Will Windows Blue Give Apple the Blues?
Microsoft (NASDAQ: MSFT) will release its long-awaited Windows 8 update, tentatively referred to as Windows Blue, sometime before the end of the year.
Little is known about the operating system upgrade, but Tami Reller (Microsoft's Chief Marketing Officer and Chief Financial Officer) has attempted to fill in the blanks.
During a Q&A with Brandon LeBlanc, Microsoft's Communications Manager and the publisher of the Official Windows Blog, Reller provided a few teases about the upcoming Windows enhancements.
"Windows Blue is a codename for an update that will be available later this year, building on the bold vision set forward with Windows 8 to deliver the next generation of tablets and PCs," she told LeBlanc. "It will deliver the latest new innovations across an increasingly broad array of form factors of all sizes, display, battery life and performance, while creating new opportunities for our ecosystem.
"It will provide more options for businesses, and give consumers more options for work and play. The Windows Blue update is also an opportunity for us to respond to the customer feedback that we've been closely listening to since the launch of Windows 8 and Windows RT. From a company-wide perspective, Windows Blue is part of a broader effort to advance our devices and services for Microsoft."
While Reller's explanation was certainly intriguing, it has created a little confusion among Windows fans.
In the comments section of Reller's Q&A, one user (who goes by the name "pirast") asked, "Will Blue be pushed as a Windows update or do I have to buy another Windows license for $90, just to get a usable Windows?"
One of the more intriguing rumors suggests that Windows 8 and Windows Phone 8 will be merged for a seamless computing and mobile phone experience. This could be difficult to produce given the differences in screen sizes between a tablet or notebook and a smartphone. If implemented correctly, however, it could create an OS that would give Apple (NASDAQ: AAPL) a run for its money.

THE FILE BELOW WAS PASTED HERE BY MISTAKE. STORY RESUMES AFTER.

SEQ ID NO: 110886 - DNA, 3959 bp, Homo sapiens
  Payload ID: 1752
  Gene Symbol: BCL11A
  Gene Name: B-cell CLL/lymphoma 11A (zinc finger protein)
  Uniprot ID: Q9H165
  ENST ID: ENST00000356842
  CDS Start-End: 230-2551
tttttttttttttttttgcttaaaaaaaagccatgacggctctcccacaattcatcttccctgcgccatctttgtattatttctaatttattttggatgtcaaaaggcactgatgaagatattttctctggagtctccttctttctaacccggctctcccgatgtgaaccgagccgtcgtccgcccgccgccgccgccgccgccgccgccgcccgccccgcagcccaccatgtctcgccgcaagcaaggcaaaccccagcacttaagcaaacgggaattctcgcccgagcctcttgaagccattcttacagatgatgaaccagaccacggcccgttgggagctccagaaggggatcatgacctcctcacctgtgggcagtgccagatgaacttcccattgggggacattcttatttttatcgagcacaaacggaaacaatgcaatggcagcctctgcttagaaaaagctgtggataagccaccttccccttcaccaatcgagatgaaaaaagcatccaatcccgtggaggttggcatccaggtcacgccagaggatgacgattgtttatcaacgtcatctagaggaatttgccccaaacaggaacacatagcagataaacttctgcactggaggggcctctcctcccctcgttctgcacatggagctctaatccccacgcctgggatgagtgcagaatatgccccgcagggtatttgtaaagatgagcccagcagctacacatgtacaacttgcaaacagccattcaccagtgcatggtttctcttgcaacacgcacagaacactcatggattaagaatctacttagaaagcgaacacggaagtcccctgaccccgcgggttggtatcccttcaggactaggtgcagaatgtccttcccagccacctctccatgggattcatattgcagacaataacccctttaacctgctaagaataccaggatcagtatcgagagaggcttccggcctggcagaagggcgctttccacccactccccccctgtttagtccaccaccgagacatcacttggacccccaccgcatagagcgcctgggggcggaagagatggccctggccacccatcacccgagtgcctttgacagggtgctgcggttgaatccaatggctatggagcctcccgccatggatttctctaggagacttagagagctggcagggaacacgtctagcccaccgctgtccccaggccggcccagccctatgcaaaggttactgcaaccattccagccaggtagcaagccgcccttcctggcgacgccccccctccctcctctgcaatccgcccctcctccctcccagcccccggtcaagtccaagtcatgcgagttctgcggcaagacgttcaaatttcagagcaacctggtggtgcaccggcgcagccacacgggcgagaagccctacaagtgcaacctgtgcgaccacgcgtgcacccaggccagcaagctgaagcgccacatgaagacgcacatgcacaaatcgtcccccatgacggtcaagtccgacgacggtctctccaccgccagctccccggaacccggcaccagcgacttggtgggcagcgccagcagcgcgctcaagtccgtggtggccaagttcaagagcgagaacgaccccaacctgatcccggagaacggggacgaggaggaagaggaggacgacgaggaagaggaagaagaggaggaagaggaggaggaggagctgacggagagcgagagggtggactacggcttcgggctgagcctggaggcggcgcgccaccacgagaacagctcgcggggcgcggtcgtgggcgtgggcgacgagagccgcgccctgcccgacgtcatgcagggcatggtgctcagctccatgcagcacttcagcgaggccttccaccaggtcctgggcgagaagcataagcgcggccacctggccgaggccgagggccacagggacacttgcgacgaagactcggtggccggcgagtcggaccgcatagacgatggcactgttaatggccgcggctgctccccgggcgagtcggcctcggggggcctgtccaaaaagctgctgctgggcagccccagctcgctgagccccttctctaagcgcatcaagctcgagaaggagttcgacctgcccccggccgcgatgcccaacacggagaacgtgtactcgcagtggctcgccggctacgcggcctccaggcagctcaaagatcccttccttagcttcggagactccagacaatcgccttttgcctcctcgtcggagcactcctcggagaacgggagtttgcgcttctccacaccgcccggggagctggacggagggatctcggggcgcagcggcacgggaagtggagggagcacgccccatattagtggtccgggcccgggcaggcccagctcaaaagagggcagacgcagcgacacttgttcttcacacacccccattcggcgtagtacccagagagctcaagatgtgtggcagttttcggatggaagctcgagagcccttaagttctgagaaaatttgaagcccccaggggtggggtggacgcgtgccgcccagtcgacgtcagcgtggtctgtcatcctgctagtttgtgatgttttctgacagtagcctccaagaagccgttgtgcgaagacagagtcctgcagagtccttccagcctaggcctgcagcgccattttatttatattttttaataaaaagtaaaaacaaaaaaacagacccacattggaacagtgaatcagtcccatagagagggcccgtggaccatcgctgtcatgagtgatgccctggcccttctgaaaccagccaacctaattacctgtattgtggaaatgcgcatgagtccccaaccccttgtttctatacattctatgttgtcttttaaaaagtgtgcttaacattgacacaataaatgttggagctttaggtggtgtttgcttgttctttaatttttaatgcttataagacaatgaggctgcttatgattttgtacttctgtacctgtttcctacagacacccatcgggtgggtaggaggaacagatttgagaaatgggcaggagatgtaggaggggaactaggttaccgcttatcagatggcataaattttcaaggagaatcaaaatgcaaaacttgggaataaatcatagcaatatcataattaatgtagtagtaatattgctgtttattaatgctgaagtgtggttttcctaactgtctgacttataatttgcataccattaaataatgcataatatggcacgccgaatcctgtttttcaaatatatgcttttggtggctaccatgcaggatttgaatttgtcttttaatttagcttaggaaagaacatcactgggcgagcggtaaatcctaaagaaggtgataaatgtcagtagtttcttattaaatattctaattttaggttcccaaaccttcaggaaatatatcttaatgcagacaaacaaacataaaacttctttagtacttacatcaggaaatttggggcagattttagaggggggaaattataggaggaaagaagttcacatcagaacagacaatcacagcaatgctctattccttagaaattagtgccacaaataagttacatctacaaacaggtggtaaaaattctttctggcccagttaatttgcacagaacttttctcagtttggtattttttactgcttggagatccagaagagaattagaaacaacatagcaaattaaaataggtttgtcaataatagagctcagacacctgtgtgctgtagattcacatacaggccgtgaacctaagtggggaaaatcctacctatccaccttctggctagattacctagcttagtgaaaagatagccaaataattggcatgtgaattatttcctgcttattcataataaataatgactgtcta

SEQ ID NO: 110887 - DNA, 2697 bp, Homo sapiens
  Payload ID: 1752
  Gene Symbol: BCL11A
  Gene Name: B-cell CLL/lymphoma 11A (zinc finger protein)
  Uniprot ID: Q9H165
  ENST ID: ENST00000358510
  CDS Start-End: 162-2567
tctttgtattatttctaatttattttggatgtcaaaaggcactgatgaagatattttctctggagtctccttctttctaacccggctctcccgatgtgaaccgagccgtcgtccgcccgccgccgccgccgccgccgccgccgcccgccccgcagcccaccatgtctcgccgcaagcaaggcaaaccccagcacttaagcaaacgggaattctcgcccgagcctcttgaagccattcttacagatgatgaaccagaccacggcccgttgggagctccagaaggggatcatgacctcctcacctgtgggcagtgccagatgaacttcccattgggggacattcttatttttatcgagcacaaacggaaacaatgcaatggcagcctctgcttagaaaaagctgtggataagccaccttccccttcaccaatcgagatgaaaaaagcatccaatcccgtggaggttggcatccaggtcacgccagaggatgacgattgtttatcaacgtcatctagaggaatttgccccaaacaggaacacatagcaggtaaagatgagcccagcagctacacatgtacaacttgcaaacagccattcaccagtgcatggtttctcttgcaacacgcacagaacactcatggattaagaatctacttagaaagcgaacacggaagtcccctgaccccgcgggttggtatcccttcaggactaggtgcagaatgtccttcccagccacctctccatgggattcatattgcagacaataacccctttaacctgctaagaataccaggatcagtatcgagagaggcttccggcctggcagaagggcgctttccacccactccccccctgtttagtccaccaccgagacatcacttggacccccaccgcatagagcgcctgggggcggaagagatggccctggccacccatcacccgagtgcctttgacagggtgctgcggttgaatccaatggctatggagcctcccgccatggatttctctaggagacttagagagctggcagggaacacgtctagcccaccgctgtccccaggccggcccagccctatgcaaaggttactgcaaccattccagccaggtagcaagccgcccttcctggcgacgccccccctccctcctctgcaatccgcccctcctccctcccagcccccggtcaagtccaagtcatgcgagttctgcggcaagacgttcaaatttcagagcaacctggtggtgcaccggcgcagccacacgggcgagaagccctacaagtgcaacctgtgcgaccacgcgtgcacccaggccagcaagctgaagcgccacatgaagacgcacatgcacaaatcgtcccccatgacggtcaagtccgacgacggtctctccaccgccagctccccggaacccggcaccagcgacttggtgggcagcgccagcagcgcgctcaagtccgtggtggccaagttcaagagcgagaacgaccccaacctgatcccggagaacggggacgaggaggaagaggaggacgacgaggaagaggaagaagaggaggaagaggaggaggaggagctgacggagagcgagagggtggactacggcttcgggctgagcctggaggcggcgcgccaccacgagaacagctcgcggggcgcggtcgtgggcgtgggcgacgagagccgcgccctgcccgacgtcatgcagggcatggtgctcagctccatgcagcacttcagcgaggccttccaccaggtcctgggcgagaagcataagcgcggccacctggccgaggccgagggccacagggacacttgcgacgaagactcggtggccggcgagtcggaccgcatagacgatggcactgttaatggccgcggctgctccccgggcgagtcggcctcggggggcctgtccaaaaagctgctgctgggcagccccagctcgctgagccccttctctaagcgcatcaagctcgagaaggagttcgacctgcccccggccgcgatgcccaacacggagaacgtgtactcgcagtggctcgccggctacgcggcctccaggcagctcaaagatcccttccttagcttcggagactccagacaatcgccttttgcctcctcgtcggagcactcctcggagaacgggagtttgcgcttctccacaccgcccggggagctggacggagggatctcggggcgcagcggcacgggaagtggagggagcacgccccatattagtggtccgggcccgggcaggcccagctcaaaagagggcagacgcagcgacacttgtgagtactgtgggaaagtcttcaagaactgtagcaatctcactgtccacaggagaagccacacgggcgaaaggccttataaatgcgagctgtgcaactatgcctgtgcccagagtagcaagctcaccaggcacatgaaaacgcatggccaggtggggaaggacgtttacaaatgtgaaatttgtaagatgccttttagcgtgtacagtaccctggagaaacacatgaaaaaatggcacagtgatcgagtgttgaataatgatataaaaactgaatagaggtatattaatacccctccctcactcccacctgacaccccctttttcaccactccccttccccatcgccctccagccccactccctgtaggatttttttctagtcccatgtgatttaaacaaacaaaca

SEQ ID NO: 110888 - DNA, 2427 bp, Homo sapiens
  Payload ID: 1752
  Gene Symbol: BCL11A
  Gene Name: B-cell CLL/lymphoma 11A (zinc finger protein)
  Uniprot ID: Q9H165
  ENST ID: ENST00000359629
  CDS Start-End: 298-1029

Many users have asked Microsoft to bring back the Start button, but that seems like a pipe dream. First of all, there are third-party plug-ins that have already brought the Start button to Windows 8. Second, Microsoft is committed to touch screens and their future in tablets, smartphones and PCs. While the Start menu may have been great in the '90s (when touch screens were limited to Palm Pilots), it is no longer a top priority for Microsoft.
Consumers may get one request, however: a free (or very cheap) upgrade to Windows Blue.
When launching Windows 8, the company initially offered the new OS for $39.99. Those who purchased a new Windows 7 PC could upgrade for just $14.99.
Microsoft is likely to offer an even better deal when Windows Blue arrives to inspire new sales and to appease those who purchased Windows 8 last year and want to upgrade.
Louis Bedigian is the Senior Tech Analyst and Features Writer of Benzinga. You can reach him at 248-636-1322 or louis(at)benzingapro(dot)com. Follow him @LouisBedigianBZ
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